“The synergy between the Sports and Entertainment Commission and the CVB will proactively attract sports and entertainment events to Mercer County,” said Adam Perle, vice president of the PRCC. “These efforts will ultimately increase the impact of travel and tourism in Mercer County.”
Tourism expenditures in Mercer County were $1.08 billion in 2011, an all-time high. This record for Mercer County marks a 10 percent increase compared to 2010’s expenditures, according to the most recent figures available in the 2011 Economic Impact Study of Tourism in New Jersey, conducted by the State’s Division of Travel & Tourism.
“We look to grow these numbers as the partnership flourishes and develops in the coming years,” said Mr. Perle.
“There is enormous potential to attract visitors to our beautiful and historic County, and to do so in ways that will create economic opportunity and jobs for the entire region,” added Mr. Hughes.
Bernie Flynn, president and CEO of New Jersey Manufacturers and chairman of Choose New Jersey, discussed the history of NJM, which is celebrating its 100th anniversary this year, and said that New Jersey’s business slogan of “Highly educated, perfectly located” also “fits Mercer County to a T” and makes it an ideal place to live and work.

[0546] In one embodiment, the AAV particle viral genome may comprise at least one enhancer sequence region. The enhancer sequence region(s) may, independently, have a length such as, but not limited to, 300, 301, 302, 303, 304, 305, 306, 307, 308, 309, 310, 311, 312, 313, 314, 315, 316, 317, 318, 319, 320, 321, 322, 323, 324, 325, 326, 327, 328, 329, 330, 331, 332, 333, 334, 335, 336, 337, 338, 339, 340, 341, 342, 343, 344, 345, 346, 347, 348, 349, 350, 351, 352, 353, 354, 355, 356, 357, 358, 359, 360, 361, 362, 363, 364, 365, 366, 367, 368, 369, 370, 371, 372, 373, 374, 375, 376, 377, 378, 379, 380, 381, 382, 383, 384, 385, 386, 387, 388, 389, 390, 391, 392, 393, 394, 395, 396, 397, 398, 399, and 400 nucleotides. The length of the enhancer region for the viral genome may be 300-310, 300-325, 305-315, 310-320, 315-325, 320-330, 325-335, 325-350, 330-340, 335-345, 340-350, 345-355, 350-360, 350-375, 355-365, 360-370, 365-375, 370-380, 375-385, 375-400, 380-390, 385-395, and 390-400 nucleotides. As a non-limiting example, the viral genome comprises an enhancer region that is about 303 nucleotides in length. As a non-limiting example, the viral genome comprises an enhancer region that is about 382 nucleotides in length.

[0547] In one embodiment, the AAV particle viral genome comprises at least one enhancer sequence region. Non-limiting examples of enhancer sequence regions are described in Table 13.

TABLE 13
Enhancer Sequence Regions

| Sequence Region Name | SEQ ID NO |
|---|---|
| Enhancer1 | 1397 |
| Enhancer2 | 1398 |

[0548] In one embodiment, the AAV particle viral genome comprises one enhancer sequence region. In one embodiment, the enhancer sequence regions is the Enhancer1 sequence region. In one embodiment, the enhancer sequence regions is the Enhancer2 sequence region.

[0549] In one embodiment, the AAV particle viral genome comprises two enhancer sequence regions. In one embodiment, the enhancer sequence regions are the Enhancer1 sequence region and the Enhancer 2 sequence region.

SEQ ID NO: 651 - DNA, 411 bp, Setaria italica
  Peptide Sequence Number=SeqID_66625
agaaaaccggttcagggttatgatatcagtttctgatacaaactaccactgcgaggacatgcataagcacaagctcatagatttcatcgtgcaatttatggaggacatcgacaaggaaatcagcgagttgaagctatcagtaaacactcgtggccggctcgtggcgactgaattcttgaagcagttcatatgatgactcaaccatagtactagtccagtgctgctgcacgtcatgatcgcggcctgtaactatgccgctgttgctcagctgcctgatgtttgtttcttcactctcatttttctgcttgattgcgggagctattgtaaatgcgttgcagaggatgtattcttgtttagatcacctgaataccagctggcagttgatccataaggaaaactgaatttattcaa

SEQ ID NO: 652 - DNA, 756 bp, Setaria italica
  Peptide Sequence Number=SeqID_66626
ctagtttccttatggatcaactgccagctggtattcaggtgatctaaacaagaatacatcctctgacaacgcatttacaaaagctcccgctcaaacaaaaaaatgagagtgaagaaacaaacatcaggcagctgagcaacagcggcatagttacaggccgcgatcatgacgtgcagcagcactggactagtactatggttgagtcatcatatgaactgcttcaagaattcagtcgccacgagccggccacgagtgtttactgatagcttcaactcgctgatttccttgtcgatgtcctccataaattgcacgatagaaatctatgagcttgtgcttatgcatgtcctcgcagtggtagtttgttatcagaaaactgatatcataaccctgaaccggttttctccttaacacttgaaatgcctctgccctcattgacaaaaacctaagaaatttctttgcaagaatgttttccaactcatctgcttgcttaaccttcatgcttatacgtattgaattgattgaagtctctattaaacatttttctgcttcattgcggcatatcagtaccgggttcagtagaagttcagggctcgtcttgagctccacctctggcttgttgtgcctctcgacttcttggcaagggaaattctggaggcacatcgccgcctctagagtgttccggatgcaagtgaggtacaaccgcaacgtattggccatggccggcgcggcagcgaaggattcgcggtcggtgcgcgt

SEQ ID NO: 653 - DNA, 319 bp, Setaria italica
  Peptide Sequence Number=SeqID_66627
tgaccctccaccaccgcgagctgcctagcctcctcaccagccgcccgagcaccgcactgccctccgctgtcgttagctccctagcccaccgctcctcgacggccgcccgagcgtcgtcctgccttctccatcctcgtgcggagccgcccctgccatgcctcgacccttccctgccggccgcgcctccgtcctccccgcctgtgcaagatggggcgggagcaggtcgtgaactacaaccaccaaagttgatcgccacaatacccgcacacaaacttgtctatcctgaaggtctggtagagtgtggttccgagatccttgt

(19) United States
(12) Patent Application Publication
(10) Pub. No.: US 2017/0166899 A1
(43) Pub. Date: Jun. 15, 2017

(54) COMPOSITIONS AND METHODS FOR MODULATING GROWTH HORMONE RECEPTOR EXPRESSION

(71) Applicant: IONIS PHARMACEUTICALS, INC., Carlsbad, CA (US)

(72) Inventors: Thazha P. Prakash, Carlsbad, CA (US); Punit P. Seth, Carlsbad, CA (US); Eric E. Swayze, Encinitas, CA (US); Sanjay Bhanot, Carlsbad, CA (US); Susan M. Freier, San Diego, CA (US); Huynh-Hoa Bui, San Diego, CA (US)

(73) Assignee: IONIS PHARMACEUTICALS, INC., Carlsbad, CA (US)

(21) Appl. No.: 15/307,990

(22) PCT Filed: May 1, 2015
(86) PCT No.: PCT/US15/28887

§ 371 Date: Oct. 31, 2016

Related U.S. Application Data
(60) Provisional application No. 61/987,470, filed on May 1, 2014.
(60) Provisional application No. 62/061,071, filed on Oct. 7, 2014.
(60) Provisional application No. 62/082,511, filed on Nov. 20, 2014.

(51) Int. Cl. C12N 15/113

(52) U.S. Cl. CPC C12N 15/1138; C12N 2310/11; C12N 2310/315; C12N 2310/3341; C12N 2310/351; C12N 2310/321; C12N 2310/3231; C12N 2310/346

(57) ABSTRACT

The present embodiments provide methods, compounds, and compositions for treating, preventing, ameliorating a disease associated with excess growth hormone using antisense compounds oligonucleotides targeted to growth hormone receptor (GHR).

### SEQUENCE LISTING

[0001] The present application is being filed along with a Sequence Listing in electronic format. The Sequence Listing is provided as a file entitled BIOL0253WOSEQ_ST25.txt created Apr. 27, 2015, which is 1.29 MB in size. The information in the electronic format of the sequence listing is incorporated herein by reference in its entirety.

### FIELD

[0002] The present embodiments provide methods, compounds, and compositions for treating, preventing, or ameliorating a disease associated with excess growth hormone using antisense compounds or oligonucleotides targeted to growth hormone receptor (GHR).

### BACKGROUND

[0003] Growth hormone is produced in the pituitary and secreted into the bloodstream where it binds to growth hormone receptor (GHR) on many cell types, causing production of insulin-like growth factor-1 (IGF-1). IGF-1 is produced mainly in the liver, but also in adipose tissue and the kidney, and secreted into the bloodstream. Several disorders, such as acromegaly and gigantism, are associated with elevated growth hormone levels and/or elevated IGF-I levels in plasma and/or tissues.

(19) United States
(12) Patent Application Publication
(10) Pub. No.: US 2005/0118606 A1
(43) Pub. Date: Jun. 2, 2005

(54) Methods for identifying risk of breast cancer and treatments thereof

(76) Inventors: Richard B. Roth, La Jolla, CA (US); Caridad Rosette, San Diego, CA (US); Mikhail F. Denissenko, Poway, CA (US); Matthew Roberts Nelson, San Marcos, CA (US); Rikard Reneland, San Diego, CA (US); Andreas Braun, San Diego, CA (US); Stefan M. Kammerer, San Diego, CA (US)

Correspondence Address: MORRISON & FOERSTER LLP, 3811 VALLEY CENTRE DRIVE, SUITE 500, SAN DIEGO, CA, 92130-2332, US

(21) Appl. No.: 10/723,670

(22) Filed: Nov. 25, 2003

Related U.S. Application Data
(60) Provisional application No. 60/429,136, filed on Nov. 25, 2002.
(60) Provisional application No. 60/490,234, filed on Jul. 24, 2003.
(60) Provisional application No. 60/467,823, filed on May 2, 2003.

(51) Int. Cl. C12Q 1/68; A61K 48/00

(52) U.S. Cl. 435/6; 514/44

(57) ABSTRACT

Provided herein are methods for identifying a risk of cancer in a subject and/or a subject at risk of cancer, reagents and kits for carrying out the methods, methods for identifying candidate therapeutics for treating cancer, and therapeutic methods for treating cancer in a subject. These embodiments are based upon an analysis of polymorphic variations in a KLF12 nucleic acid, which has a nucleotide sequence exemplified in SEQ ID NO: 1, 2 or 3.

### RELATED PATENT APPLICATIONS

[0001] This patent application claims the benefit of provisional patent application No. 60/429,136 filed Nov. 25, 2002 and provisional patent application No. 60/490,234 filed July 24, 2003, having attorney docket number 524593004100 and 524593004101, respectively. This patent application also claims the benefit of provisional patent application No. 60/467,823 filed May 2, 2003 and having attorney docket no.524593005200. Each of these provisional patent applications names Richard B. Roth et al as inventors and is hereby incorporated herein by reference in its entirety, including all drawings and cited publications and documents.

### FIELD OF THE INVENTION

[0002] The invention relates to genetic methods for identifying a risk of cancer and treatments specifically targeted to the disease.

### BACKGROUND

“From a transportation and logistics standpoint, we are a hub,” said Mr. Flynn. “And there’s no better evidence of that than Amazon’s decision to locate right here.”
Amazon will bring new jobs to the area, and those employees will further support the local economies as they shop, eat and live in the community surrounding the new development, added Mr. Crowley.
In his national and local economic update, Herb Taylor, vice president and corporate secretary of Philadelphia Reserve Bank, said that during the recent recession unemployment in Mercer County capped at about 8 percent as opposed to 10 percent nationally.
“Relative to the nation and state, Mercer County has done extremely well on the unemployment side, and there’s a job growth side to that as well,” he said. “While the U.S. and New Jersey have lost jobs on net, Trenton-Ewing (Metropolitan Statistical Area) is up 15 percent relative to where we were a decade ago.
“The region is continuing to do well relative to the nation.”
Hughes said he is proud of the fact that Mercer County’s unemployment rate of 7.4 percent -- more than 2 percentage points lower than the state’s -- ranks 4th lowest in New Jersey.
Taylor’s remarks were followed by two featured discussions: “Major Sporting Events 2014,”with representatives from the NY/NJ Super Bowl Host Committee, the 2014 Special Olympics USA Games and Formula One Racing; and “Doing Business With Big Business,” with representatives from Princeton University, Johnson & Johnson, Otsuka and Educational Testing Service.
Among the notable officials at the event were: State Sen. Linda Greenstein, State Assemblyman Wayne DeAngelo; Mercer County Freeholders Ann Cannon, John Cimino, Pasquale “Pat” Colavita and Samuel Frisby; Mercer County Community College President Patricia Donohue, East Windsor Mayor Janice Mironov, former State Sen. Peter Inverso and former Lawrence Councilwoman Pamela Mount.